'Clean Eating' Is A Classist, Fat-Shaming Social Media Trend
We’ve all heard the term “clean eating,” and how it’s supposed to make us thinner, healthier, and more energetic. According to Healthline, it focuses on eating foods that are processed as little as possible, in as close to their natural form as possible. You also prepare more of your meals at home, to ensure that “little as possible” processing. This explanation is followed by a bucolic photo of a woman in a farmhouse kitchen, chopping yummy berries into perfect slices.
I’m calling bullshit. “Clean eating” is actually a classist social media trend that feeds into the worst of diet subculture. Cooking Light says that in order to eat clean, your foods need to be as fresh as possible (with, they say in all seriousness, the possible exception of frozen green beans). Eliminate processed foods, or anything that comes “in a box, bag, can, or package.” You need to up your intake of whole grains like “brown rice, millet, amaranth, and quinoa” (WTF is amaranth?!). You can also have “clean sugar” like “honey, maple syrup, and dehydrated sugar cane juice.” Oh, and eat 5-6 meals a day.
Problem number one: all your food needs to be fresh. But what if you live in a food desert and your only access to a grocery store comes in the form of a corner store? They don’t sell produce or lean meat, and when they do, it tends to be astronomically expensive. Clean eating comes with an automatic presumption of access. You can click on Instagram and see the pretty pictures, can’t you? Well, then, why can’t you get your ass down to the farmer’s market and buy yourself some organic, local veggies?
Maybe you don’t own a car.
Maybe it’s too far to walk.
Maybe your spouse has the car.
Maybe you don’t have the money.
Maybe you are on a tight budget, and processed food is cheaper.
Want to stretch your food dollar? Don’t stuff your cart with perishable fruits and veggies. Double-down on the canned stuff, the boxed stuff, the two-for-one specials on tuna and Rice-a-Roni. You can feed kids on macaroni and cheese and peanut butter and jelly sandwiches a hell of a lot cheaper than you can feed them on quinoa salad with chopped strawberries (good luck finding those at an affordable price point). Clean eating assumes you’re shopping at Whole Foods with a platinum card, not at Piggly-Wiggly with your coupons and/or SNAP benefits.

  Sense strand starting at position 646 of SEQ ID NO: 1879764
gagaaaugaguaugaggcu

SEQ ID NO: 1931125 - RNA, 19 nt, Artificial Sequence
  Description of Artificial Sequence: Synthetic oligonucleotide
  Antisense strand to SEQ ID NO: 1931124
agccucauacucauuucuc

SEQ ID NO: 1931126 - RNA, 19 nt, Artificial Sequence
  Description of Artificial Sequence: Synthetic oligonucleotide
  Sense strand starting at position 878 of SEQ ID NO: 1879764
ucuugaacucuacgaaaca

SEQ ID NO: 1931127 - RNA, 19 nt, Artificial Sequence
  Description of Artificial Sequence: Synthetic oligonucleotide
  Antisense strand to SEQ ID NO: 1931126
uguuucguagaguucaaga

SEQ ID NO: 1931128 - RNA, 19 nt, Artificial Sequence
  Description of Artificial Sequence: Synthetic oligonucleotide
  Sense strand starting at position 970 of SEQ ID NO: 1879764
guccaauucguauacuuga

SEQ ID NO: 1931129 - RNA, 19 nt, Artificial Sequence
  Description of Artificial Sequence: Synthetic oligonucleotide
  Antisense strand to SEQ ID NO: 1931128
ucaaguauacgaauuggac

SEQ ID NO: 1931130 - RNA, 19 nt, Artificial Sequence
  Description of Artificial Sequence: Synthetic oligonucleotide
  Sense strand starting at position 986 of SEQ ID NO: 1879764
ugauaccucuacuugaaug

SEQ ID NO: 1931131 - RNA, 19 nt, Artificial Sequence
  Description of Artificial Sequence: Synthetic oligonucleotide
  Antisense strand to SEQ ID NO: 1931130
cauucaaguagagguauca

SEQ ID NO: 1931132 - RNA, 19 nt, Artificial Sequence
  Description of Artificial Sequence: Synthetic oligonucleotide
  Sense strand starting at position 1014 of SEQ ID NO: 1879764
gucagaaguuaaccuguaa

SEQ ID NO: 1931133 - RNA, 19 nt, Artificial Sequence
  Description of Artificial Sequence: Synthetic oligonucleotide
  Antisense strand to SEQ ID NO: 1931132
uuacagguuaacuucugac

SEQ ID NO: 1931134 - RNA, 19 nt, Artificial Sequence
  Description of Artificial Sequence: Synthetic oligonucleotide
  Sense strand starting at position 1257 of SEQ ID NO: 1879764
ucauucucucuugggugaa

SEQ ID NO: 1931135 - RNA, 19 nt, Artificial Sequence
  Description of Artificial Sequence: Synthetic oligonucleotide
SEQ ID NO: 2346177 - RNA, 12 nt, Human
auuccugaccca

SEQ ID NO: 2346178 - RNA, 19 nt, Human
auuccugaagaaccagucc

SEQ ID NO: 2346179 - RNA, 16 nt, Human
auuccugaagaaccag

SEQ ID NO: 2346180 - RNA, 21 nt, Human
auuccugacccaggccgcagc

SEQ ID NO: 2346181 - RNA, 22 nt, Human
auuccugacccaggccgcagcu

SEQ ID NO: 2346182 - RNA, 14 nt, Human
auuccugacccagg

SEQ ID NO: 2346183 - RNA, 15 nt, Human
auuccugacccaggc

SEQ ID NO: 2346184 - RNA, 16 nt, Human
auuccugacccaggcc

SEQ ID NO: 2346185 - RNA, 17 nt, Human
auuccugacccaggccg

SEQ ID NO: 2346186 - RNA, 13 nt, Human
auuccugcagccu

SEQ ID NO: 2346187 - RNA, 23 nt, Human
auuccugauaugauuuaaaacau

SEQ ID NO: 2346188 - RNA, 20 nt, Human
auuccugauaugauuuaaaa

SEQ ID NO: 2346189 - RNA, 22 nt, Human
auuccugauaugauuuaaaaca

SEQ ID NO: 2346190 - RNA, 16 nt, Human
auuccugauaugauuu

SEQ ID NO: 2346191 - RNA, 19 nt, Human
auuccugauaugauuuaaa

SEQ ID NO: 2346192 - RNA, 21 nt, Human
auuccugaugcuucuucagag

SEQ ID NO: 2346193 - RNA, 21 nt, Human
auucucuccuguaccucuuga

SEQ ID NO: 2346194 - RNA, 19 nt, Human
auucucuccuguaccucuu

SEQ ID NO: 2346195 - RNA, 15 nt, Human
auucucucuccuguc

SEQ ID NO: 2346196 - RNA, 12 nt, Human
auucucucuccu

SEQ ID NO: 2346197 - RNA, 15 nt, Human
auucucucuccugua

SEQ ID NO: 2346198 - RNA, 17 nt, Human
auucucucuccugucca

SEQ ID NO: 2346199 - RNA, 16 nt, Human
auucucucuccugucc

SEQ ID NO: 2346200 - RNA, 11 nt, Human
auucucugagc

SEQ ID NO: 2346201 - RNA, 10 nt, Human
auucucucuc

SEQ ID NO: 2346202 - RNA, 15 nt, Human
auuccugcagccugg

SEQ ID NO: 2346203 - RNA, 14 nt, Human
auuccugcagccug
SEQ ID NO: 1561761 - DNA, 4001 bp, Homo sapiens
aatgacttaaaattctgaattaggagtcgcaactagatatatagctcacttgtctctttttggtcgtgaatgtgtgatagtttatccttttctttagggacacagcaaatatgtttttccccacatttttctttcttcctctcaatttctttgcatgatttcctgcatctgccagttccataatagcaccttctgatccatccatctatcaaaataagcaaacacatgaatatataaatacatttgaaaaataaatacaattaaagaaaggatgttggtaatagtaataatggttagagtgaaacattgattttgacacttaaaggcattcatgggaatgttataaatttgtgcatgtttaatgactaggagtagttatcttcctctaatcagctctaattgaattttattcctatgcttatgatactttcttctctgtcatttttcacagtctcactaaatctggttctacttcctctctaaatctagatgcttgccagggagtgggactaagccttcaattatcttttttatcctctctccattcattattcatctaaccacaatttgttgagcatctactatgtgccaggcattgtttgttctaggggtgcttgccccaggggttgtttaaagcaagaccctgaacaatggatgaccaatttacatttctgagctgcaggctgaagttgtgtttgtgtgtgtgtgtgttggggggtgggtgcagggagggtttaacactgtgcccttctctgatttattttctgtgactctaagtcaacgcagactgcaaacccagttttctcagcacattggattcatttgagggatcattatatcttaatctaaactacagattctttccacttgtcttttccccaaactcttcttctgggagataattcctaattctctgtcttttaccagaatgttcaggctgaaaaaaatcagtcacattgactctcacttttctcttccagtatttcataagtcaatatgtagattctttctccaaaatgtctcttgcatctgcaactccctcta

Clean eating also presumes you have the access to cooking space, utensils, and know-how. This sounds stupid. Of course everyone has access to this stuff, right? But remember that time you were making cookies when you first got married and realized you didn’t have a cookie sheet? You just went out and bought one, right? Imagine you didn’t have the money. Or think about the first time you made soup. You needed one of those giant-ass pots. Guess what? A lot of Americans don’t have those. And if they do, they don’t have a skimmer, a meat thermometer, a fancy blender, a mixer or any of those other items clean eating recipes seem to require (and take for granted).
My mother owned one colander. One. It was yellow and plastic. We didn’t have the storehouse of Tupperware or glassware in which to store prepared breakfast meals and salads. And we weren’t even poor.
Imagine that you have the cash to drop on this food. You can buy the quinoa. You can buy the amaranth. You even know how to cook it, because you either googled the hell out of it or possess some ancestral knowledge passed down from your crunchy forebears. Clean eating also presumes you have time, in the midst of children’s lost shoes and homework and soccer games and laundry and your full-time job, to stop. To stare at your quinoa. To properly soak your beans. To chop your strawberries. To zen out to your meals, basically, while the rest of us are instant-potting cheesy chicken, or running out to McDonald’s again, or yelling that it’s nacho/taco night because we have to get food in these small people and we have to do it now.
Time is a luxury that the poor, the exhausted, and the average parent cannot afford.
You want to lose weight? Ask yourself why. Don’t presume you’d be healthier if you did so: think of your body in terms of what it can do, not how it looks, and if you can climb a mountain, then why are you worried about a few pounds?
Then refuse to be shamed into viewing certain foods as “dirty” or “clean” or “good” or “bad.” There is no good food or bad food, no clean food or dirty food. There is enough food or not enough food. Clean eating is one more fat-shaming, classist Insta-trend.
Don’t fall for it.
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